= 88 m/s
                    = 289 f/s
                    = 196 mph
                    = 316 kph

   That number's pretty high, probably because your guesstimate of
   A is small by a factor of 2 or 3 (remember, the skydiver's
   carrying a big parachute on his back).

{Quote hidden}

   That's because the Cd for a sphere is always 0.5, and the Cd for
   a raindrop or "teardrop" shape is much lower.

   The shape of a raindrop, in fact, is generally the ideal toward
   which designers of low-drag subsonic bodies aspire.  It makes
   sense if you think about it:  The raindrop begins as a sphere but
   is then shaped by the air as it falls; it naturally conforms to
   the lowest-drag shape possible.

> Again, not bad for "back of envelope"

   Agreed.

   -Andy


=== Andrew Warren --- .....aiwKILLspamspam@spam@cypress.com
=== IPD Systems Engineering, CYSD
=== Cypress Semiconductor Corporation
===
=== Opinions expressed above do not
=== necessarily represent those of
=== Cypress Semiconductor Corporation

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2001\05\17@214323 by Jim Korman

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Russell McMahon wrote:
>
<great deal of math snipped>

Just for some 'raw' data that I got out an
Intro to Meteorology text.

Size mm           rate of fall
               ft/min    m/sec

7.000                  abt 10.0      About maximum size, droplets break
                                    into smaller drops.
5.000           1,750       8.9      Large raindrop
1.000             790       4.0      small raindrop
.500             555       2.8      fine rain/large drizzle
.200             300       1.5      drizzle
.100              59       0.3      large cloud droplet

Jim Korman

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2001\05\17@221242 by Russell McMahon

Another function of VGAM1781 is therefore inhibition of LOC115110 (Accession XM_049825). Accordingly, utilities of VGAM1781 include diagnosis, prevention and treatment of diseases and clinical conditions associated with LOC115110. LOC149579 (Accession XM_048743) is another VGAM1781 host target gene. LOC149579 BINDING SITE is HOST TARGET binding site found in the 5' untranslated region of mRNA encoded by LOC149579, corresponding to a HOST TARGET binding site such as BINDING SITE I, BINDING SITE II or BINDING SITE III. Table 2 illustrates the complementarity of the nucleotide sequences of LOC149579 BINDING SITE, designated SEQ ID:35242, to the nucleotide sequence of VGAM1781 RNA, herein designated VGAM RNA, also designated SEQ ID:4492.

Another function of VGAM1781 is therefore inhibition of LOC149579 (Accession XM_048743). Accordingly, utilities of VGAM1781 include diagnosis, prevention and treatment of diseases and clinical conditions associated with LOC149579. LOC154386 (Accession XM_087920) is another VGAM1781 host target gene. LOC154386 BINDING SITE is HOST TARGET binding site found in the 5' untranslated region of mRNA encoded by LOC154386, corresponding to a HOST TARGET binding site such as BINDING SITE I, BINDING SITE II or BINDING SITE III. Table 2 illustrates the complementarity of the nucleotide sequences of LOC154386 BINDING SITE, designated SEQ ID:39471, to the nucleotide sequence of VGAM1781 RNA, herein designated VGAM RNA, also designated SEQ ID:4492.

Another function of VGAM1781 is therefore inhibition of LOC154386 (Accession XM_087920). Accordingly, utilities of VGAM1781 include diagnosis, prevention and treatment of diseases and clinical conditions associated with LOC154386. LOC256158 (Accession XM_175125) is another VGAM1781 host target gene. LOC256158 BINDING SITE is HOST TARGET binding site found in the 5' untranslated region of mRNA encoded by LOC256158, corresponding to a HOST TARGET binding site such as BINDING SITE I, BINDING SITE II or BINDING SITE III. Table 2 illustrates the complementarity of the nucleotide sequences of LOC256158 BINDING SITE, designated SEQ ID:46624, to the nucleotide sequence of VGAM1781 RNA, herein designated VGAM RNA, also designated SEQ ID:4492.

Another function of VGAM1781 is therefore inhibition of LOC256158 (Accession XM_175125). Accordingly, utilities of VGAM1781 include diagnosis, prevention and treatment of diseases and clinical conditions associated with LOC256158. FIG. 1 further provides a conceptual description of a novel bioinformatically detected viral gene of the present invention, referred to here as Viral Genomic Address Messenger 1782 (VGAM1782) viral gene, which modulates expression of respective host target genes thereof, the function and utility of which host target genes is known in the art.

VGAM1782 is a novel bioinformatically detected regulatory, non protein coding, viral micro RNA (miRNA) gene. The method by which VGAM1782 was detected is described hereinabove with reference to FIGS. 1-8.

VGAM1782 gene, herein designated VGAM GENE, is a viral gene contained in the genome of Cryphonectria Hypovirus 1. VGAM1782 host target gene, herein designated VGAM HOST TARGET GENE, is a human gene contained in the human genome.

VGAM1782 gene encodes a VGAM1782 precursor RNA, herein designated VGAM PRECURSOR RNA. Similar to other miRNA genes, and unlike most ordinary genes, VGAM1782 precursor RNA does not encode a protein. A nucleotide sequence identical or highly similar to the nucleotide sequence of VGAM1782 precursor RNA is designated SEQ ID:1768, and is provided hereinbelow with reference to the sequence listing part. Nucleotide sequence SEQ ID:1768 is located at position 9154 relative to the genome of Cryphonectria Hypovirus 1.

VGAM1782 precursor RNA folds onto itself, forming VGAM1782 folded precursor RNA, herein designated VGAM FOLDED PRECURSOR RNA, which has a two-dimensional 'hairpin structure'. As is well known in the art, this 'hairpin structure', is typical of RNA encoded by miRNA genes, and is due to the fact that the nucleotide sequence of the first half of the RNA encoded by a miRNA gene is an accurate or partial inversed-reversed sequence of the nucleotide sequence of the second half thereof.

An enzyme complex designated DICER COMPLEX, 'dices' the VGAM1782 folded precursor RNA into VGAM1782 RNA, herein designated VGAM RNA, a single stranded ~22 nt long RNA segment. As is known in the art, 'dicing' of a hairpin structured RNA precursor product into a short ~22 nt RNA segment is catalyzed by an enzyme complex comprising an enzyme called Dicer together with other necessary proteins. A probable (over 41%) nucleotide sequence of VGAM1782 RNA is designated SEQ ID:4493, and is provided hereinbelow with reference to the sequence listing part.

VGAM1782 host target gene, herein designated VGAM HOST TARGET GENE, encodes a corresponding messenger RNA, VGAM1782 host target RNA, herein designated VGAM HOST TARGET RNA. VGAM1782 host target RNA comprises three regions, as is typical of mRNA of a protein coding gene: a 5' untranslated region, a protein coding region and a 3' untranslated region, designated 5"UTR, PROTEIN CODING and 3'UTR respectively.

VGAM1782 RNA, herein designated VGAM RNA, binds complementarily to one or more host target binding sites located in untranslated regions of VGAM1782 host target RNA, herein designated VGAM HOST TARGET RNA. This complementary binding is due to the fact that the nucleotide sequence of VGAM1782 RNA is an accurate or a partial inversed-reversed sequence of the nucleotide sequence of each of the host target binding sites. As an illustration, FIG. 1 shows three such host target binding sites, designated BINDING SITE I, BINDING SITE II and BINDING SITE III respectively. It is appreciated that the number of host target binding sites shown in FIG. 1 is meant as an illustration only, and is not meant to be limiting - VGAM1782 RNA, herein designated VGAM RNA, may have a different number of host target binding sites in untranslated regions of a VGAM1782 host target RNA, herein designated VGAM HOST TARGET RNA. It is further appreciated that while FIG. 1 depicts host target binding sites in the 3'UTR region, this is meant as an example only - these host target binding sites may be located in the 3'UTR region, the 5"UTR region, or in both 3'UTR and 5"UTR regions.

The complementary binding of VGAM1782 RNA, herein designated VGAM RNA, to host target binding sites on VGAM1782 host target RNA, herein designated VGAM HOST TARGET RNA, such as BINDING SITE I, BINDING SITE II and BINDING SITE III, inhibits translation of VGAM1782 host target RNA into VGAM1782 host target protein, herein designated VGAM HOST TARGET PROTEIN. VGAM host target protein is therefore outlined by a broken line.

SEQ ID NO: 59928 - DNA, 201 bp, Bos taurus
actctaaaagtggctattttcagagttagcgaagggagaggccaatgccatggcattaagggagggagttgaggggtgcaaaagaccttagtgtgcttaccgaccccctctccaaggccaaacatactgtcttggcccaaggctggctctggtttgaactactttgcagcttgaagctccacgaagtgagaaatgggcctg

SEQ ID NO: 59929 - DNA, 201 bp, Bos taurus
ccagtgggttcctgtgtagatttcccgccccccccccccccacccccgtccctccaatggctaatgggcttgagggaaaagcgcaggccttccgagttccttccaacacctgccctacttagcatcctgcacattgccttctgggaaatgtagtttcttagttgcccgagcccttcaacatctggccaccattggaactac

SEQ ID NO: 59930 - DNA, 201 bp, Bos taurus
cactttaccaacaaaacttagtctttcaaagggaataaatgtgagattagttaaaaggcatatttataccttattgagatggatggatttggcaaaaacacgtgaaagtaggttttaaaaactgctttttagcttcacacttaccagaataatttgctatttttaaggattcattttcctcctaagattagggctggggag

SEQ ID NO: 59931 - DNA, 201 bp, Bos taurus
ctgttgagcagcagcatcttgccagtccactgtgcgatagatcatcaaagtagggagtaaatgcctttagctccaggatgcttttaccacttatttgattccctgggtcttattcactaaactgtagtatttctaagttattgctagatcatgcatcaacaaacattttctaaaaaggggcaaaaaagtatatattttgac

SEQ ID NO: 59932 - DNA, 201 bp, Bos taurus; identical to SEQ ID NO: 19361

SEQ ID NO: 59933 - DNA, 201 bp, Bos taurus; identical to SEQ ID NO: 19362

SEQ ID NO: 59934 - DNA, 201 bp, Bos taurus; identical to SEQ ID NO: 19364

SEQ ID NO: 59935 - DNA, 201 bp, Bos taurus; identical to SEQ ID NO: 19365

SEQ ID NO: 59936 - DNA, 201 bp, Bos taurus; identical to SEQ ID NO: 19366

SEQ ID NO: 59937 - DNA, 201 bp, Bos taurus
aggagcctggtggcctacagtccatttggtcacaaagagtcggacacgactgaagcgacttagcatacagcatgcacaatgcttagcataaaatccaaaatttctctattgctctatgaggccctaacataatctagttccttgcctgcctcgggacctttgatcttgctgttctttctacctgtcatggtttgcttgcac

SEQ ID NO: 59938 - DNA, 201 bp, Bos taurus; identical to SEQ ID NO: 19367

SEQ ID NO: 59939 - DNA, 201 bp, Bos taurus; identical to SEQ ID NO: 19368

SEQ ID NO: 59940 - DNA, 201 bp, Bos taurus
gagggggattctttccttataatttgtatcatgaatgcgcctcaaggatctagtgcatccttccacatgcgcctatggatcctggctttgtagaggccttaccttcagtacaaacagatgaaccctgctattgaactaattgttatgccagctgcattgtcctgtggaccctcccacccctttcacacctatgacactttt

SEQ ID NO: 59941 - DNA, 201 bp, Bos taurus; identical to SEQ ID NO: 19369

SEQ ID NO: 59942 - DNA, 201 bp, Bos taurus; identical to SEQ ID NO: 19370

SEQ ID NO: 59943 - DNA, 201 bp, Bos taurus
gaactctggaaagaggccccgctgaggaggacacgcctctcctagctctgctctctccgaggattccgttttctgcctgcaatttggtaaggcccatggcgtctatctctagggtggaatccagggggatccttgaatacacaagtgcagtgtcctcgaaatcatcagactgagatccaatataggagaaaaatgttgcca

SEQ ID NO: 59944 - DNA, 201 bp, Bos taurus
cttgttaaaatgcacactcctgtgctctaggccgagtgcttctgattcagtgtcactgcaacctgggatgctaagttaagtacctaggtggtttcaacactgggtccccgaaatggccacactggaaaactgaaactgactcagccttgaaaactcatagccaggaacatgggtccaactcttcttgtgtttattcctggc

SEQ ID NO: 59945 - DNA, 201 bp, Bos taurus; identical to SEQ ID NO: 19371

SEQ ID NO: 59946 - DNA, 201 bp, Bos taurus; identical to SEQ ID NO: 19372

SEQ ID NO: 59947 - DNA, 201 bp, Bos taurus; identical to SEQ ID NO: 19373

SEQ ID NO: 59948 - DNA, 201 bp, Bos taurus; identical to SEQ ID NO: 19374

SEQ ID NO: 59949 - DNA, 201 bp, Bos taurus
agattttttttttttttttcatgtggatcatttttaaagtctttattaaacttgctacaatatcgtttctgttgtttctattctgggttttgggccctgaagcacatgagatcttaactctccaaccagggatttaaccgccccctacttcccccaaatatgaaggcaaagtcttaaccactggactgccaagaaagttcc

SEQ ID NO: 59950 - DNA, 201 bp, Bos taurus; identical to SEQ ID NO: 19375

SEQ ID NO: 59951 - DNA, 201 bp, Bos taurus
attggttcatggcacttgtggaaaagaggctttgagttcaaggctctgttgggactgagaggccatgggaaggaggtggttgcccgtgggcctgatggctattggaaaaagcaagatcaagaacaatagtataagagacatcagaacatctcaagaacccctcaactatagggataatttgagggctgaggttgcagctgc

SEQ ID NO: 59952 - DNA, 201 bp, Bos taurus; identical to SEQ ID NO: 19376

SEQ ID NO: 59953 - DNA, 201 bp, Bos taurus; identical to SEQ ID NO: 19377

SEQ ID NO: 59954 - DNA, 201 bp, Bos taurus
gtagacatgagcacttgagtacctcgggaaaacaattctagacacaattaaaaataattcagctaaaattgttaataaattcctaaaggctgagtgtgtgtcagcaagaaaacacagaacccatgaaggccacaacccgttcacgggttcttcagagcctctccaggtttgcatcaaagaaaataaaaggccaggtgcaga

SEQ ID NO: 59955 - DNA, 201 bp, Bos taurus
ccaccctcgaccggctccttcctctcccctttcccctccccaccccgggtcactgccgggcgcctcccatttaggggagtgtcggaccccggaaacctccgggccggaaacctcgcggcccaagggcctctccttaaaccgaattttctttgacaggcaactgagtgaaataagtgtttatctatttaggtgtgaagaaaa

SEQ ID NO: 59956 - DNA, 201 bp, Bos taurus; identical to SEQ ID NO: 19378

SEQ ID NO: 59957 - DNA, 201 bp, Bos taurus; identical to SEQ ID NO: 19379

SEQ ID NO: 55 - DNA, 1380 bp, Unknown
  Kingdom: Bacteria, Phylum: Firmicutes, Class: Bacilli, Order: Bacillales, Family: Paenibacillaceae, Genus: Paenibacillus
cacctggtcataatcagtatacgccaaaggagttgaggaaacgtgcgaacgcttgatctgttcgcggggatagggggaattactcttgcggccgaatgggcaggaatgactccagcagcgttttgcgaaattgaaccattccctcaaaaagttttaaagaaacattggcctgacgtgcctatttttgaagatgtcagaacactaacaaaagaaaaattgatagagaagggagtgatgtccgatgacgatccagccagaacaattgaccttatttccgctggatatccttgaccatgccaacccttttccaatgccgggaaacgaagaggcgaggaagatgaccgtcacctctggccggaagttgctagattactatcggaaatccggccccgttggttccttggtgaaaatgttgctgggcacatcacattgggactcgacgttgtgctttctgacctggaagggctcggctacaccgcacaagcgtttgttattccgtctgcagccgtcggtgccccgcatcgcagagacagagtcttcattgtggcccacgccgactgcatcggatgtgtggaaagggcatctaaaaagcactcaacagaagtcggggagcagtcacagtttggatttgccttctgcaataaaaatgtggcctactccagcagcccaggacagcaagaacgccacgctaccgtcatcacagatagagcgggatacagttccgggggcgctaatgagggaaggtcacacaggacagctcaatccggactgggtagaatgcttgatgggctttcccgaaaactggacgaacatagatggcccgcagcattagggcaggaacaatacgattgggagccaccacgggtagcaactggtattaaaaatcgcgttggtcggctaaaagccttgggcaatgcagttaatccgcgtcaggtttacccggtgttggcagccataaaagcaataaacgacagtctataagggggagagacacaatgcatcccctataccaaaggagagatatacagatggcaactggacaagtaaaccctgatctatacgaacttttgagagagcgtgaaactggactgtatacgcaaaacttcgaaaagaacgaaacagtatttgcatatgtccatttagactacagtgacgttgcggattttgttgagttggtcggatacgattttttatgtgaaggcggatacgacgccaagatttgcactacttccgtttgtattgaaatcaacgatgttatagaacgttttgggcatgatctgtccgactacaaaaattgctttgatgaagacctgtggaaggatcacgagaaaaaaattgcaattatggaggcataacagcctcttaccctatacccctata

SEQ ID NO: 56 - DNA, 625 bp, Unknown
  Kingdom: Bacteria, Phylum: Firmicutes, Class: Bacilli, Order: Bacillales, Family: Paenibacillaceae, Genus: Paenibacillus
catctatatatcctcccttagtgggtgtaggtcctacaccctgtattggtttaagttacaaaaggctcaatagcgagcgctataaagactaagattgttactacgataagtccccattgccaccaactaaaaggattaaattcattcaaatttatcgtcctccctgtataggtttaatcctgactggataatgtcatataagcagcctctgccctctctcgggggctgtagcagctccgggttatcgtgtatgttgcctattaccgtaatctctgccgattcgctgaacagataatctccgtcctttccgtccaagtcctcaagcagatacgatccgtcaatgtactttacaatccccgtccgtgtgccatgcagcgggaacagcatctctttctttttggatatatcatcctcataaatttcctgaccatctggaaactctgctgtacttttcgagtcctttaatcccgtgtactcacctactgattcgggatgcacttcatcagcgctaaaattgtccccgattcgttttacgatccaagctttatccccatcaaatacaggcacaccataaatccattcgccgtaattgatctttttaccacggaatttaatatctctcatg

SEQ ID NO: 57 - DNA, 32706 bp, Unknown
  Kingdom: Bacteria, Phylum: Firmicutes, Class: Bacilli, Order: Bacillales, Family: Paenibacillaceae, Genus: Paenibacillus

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Several people have pointed out my skydiver results are wrong.
A look at the sum involved shows I divided by 2.6 rather than 0.26 so the
answer was low by a factor of root 10 = 3.16 so my result should have been
300 kph or 190 mph which is almost exactly the figure Tom Watson gives from
his practical experience. Adjust Cd and frontal area as desired.

I used Cd=1 for the rain drop and it has been pointed out that a figure of
0.5 is appropriate for a sphere, which the water drop approximates. This
brings the result up by root 2 to about 21 kph which compares well with the
25 kph reported.

Experiments in the shower this morning :-) indicate that a drop size of
under the 0.1cc that I used may be more appropriate - this would produce a
lower terminal velocity as the drop mass/area scales as cube/square
respectively of diameter. Haven't tried catching rain drops yet.



     Russell McMahon
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2001\05\17@225123 by David VanHorn

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>
>Experiments in the shower this morning :-) indicate that a drop size of
>under the 0.1cc that I used may be more appropriate - this would produce a
>lower terminal velocity as the drop mass/area scales as cube/square
>respectively of diameter. Haven't tried catching rain drops yet.


How are you measuring this?

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2001\05\17@230608 by James Newton

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Russell has a calibrated tongue. Next time it rains, he will be in the yard
with his head tipped back...

James Newton, PICList Admin #3
jamesnewtonspamKILLspampiclist.com
1-619-652-0593 phone
http://www.piclist.com

{Original Message removed}

2001\05\18@005748 by steve

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While you have your envelope out ....

>
>             Drag = 0.5 x Area x Cd x Rho x V^2
>                       = Area x V^2 x K2

What about in a fluid environment ?
( I tried to find something on the net about this the other night, but
didn't get too far. - Nice of someone to bring this up while I'm still
pondering).

Intuition tells me that viscosity would be a handy thing to throw in
there when moving a solid body through a fluid. eg. Oil is less
dense but more viscous. So now that we've done raindrops, here's
an even more useless thing to calculate -

When I throw my spherical 500g sinker (density = 11.3g/cm^3) over
the side of the boat, how long does it take to get to the bottom ?
Assume I forgot to tie it to the line and I'm in 10m of seawater
(density=1025kg/m^3, viscosity=1.3cp).

The next question is if I take a cork (say density=900kg/m^3) down
to the bottom, how fast will it come up ?

Sometimes I hate having a curious mind ?

Steve.